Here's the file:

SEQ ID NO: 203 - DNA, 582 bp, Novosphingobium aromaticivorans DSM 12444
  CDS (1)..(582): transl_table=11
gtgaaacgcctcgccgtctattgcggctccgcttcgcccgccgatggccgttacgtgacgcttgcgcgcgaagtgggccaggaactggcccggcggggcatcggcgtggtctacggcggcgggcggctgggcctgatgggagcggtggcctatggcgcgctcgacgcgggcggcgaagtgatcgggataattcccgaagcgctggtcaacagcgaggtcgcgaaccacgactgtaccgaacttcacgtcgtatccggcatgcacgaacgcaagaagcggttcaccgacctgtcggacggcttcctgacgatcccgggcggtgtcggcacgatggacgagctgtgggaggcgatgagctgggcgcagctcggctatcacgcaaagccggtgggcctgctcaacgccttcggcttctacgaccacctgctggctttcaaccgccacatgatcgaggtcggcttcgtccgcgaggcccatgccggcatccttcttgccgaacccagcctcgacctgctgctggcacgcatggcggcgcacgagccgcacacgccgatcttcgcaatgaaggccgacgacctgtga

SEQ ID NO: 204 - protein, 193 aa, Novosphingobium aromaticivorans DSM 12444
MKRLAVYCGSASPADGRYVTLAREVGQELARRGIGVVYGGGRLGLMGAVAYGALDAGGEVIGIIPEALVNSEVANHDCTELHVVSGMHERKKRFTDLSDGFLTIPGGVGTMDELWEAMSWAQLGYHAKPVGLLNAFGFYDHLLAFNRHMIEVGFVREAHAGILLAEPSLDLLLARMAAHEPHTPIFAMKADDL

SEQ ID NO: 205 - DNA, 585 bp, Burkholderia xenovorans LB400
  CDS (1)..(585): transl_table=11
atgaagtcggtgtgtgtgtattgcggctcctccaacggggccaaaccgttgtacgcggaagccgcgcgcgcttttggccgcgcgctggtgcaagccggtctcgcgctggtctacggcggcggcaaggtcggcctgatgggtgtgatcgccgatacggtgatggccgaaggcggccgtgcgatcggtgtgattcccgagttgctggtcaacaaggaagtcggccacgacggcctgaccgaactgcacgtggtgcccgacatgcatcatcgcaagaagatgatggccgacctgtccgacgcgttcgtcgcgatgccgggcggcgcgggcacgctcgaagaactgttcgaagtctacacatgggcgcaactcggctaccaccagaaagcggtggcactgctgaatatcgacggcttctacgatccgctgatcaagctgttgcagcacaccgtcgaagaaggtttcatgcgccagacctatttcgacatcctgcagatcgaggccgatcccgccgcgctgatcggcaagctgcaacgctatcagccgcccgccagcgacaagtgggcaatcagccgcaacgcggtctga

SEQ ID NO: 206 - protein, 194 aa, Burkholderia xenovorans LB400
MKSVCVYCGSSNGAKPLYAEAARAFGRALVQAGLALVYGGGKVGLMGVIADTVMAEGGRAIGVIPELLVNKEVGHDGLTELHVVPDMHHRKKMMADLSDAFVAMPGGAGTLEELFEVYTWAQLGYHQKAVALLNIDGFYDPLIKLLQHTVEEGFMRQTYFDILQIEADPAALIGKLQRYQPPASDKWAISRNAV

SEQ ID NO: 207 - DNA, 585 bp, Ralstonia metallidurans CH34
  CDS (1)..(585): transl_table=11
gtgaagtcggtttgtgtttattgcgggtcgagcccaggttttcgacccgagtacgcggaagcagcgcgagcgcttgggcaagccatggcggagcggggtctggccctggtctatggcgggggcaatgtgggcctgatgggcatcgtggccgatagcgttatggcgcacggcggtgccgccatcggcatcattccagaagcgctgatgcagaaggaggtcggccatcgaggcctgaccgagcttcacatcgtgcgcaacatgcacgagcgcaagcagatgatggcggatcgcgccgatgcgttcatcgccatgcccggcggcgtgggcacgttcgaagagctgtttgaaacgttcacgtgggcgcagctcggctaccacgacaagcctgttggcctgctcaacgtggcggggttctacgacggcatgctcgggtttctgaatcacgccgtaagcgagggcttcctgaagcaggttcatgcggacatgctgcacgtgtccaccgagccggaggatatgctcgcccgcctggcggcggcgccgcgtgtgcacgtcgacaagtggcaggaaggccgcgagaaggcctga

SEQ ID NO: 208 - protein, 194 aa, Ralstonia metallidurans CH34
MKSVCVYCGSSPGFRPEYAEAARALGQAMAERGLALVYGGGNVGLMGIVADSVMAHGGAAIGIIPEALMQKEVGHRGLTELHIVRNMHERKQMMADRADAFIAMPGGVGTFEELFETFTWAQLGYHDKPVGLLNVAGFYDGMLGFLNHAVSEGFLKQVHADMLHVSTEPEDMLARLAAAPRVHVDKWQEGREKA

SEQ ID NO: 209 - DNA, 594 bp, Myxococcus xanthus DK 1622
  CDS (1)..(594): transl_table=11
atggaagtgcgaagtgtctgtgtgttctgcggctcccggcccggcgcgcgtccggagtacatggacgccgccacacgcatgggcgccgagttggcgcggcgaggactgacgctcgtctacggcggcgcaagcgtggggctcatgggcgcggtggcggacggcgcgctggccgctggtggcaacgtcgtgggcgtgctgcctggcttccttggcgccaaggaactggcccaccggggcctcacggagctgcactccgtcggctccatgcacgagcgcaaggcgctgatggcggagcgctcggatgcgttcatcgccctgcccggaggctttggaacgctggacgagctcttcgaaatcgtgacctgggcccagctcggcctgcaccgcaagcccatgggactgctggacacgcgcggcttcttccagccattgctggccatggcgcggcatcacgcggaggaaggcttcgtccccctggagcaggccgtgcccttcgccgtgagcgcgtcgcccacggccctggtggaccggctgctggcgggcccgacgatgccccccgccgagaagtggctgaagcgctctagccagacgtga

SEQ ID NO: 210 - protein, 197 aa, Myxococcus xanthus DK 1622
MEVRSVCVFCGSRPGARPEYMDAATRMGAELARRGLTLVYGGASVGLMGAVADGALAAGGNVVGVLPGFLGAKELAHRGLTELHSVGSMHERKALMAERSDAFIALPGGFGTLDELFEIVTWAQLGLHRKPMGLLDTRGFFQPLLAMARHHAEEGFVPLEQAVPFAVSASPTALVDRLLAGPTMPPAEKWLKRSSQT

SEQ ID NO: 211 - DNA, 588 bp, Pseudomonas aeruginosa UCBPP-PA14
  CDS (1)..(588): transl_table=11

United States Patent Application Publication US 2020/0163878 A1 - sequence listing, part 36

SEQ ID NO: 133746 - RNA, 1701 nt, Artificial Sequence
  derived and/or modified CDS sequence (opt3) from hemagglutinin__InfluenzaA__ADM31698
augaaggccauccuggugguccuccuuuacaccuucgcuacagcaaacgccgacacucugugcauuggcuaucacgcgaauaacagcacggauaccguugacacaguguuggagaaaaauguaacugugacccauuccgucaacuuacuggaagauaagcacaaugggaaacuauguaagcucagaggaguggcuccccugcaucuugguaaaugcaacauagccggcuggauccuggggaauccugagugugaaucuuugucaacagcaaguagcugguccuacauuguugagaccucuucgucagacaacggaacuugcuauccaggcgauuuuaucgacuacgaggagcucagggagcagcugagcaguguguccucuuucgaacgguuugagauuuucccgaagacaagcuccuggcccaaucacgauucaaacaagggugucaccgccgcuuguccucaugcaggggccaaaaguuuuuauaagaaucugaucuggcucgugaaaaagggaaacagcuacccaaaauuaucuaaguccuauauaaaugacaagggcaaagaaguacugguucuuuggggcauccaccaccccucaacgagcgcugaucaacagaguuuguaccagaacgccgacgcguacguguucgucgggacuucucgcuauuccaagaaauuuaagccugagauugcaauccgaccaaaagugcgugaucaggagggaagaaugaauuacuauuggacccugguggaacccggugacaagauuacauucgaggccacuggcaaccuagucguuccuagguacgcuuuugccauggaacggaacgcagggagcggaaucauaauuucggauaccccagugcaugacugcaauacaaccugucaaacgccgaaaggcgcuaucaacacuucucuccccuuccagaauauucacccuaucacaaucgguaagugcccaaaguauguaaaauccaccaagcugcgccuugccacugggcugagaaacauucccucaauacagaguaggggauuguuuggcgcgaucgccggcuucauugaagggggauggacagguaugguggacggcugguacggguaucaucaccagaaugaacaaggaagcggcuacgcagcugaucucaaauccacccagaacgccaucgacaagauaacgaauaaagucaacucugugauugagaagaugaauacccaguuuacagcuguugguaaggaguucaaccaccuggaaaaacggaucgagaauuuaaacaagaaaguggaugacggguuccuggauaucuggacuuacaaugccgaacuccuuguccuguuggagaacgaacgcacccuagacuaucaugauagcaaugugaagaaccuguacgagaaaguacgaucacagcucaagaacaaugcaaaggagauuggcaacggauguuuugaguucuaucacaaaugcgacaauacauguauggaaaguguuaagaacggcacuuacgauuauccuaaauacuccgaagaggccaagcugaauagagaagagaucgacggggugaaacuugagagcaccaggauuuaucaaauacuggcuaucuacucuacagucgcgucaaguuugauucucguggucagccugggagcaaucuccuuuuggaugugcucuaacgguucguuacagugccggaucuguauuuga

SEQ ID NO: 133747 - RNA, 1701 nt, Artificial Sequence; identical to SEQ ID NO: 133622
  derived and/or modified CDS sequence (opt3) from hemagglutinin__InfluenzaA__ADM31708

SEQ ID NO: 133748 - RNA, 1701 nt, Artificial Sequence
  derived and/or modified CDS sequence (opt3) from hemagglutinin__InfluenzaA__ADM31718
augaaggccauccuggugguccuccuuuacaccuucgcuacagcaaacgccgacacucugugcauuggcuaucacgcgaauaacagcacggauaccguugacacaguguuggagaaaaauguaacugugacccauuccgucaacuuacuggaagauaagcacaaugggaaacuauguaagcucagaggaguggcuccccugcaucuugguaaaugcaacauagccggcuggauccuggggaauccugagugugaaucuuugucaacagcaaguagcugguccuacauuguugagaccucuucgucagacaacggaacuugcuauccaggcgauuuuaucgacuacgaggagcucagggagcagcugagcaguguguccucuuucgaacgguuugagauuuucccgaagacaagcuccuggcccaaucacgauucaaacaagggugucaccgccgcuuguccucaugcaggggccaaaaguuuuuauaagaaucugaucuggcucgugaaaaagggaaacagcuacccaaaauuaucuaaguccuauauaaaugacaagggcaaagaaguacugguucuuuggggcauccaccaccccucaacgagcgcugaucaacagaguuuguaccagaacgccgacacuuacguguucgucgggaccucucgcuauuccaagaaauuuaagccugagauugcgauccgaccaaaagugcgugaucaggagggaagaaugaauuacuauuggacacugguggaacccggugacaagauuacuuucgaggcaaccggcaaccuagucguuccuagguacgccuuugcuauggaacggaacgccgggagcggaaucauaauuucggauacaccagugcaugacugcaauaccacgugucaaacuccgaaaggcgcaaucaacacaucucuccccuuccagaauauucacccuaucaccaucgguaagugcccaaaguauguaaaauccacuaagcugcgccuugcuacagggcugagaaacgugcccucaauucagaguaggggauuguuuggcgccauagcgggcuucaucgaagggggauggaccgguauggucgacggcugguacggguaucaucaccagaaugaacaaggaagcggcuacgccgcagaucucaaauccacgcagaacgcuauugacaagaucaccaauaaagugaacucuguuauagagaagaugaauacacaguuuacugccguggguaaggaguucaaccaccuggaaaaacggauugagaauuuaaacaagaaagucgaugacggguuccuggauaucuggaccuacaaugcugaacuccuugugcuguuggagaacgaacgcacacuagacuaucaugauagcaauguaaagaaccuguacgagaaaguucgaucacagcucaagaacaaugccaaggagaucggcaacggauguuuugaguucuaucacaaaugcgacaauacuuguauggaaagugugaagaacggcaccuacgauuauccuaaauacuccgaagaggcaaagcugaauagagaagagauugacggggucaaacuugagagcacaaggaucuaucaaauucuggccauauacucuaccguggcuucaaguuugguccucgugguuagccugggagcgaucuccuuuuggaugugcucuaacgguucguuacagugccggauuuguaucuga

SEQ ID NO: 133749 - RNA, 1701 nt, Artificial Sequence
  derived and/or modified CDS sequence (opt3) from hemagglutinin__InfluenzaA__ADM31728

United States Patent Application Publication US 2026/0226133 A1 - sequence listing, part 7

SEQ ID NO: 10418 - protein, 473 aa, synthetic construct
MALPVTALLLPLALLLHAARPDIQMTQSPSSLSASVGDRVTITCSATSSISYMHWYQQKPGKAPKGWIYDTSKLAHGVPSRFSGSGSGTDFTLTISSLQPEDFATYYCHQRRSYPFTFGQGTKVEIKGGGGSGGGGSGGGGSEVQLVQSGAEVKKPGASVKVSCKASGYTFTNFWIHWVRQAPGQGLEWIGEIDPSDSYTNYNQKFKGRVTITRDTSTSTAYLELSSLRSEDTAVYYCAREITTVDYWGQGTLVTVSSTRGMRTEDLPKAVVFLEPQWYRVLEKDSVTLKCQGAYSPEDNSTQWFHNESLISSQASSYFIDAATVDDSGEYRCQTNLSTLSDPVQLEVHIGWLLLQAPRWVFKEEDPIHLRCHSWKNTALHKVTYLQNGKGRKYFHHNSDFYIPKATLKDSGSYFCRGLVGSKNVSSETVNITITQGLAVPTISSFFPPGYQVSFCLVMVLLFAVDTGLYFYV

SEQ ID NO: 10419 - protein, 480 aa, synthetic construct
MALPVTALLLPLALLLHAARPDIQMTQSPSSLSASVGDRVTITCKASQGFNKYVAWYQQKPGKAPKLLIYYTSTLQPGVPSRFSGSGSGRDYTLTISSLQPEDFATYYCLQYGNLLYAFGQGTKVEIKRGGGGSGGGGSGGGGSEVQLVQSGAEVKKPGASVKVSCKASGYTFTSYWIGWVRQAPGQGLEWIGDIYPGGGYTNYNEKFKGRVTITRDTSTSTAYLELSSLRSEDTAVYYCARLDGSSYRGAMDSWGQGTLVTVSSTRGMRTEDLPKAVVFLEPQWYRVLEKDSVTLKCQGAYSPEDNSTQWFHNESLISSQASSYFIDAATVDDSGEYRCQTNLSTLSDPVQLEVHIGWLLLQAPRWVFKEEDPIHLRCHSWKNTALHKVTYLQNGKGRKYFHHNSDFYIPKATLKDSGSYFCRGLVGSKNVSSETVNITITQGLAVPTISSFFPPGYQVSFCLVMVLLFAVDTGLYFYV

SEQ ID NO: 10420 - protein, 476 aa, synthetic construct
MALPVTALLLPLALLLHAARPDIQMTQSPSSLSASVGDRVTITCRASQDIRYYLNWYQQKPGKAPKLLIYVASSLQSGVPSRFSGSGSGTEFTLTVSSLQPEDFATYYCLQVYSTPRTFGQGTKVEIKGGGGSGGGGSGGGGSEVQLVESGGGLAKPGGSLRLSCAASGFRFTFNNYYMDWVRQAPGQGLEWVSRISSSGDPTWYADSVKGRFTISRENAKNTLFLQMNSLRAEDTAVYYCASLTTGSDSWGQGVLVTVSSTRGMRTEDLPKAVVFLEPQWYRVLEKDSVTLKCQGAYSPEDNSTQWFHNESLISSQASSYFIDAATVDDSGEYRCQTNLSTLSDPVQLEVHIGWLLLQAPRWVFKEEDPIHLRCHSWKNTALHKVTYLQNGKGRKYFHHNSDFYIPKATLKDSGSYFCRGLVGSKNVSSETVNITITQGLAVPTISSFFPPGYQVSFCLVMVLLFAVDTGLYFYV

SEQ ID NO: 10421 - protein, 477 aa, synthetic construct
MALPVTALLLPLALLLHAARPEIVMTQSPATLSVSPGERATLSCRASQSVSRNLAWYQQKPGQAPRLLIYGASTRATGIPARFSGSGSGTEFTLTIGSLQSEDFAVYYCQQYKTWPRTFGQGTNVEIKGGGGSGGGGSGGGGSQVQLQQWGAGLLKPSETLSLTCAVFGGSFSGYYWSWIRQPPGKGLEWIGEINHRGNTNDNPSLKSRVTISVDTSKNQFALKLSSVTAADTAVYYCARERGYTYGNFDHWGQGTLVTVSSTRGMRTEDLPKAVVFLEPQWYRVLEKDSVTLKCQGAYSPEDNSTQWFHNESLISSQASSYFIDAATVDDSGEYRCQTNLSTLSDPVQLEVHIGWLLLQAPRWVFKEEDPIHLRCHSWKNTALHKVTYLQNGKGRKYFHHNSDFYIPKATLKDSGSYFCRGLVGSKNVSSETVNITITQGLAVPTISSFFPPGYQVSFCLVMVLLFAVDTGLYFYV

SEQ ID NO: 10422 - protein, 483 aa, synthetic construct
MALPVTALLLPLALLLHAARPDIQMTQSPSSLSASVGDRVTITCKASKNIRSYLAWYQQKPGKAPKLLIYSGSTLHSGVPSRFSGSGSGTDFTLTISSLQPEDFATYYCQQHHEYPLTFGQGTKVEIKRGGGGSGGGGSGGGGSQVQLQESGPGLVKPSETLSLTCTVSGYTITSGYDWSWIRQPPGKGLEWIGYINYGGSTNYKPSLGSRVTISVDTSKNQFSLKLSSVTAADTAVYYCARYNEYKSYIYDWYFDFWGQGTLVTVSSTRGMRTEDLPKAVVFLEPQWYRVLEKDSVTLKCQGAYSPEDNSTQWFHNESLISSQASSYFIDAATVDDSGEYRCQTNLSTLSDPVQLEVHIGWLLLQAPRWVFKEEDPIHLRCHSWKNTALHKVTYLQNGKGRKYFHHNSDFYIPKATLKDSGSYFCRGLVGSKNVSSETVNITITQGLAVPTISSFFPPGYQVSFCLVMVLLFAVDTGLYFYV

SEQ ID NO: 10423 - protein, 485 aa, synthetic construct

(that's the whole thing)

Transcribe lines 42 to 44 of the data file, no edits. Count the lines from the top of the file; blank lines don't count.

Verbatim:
MALPVTALLLPLALLLHAARPEIVMTQSPATLSVSPGERATLSCRASQSVSRNLAWYQQKPGQAPRLLIYGASTRATGIPARFSGSGSGTEFTLTIGSLQSEDFAVYYCQQYKTWPRTFGQGTNVEIKGGGGSGGGGSGGGGSQVQLQQWGAGLLKPSETLSLTCAVFGGSFSGYYWSWIRQPPGKGLEWIGEINHRGNTNDNPSLKSRVTISVDTSKNQFALKLSSVTAADTAVYYCARERGYTYGNFDHWGQGTLVTVSSTRGMRTEDLPKAVVFLEPQWYRVLEKDSVTLKCQGAYSPEDNSTQWFHNESLISSQASSYFIDAATVDDSGEYRCQTNLSTLSDPVQLEVHIGWLLLQAPRWVFKEEDPIHLRCHSWKNTALHKVTYLQNGKGRKYFHHNSDFYIPKATLKDSGSYFCRGLVGSKNVSSETVNITITQGLAVPTISSFFPPGYQVSFCLVMVLLFAVDTGLYFYV

SEQ ID NO: 10422 - protein, 483 aa, synthetic construct
MALPVTALLLPLALLLHAARPDIQMTQSPSSLSASVGDRVTITCKASKNIRSYLAWYQQKPGKAPKLLIYSGSTLHSGVPSRFSGSGSGTDFTLTISSLQPEDFATYYCQQHHEYPLTFGQGTKVEIKRGGGGSGGGGSGGGGSQVQLQESGPGLVKPSETLSLTCTVSGYTITSGYDWSWIRQPPGKGLEWIGYINYGGSTNYKPSLGSRVTISVDTSKNQFSLKLSSVTAADTAVYYCARYNEYKSYIYDWYFDFWGQGTLVTVSSTRGMRTEDLPKAVVFLEPQWYRVLEKDSVTLKCQGAYSPEDNSTQWFHNESLISSQASSYFIDAATVDDSGEYRCQTNLSTLSDPVQLEVHIGWLLLQAPRWVFKEEDPIHLRCHSWKNTALHKVTYLQNGKGRKYFHHNSDFYIPKATLKDSGSYFCRGLVGSKNVSSETVNITITQGLAVPTISSFFPPGYQVSFCLVMVLLFAVDTGLYFYV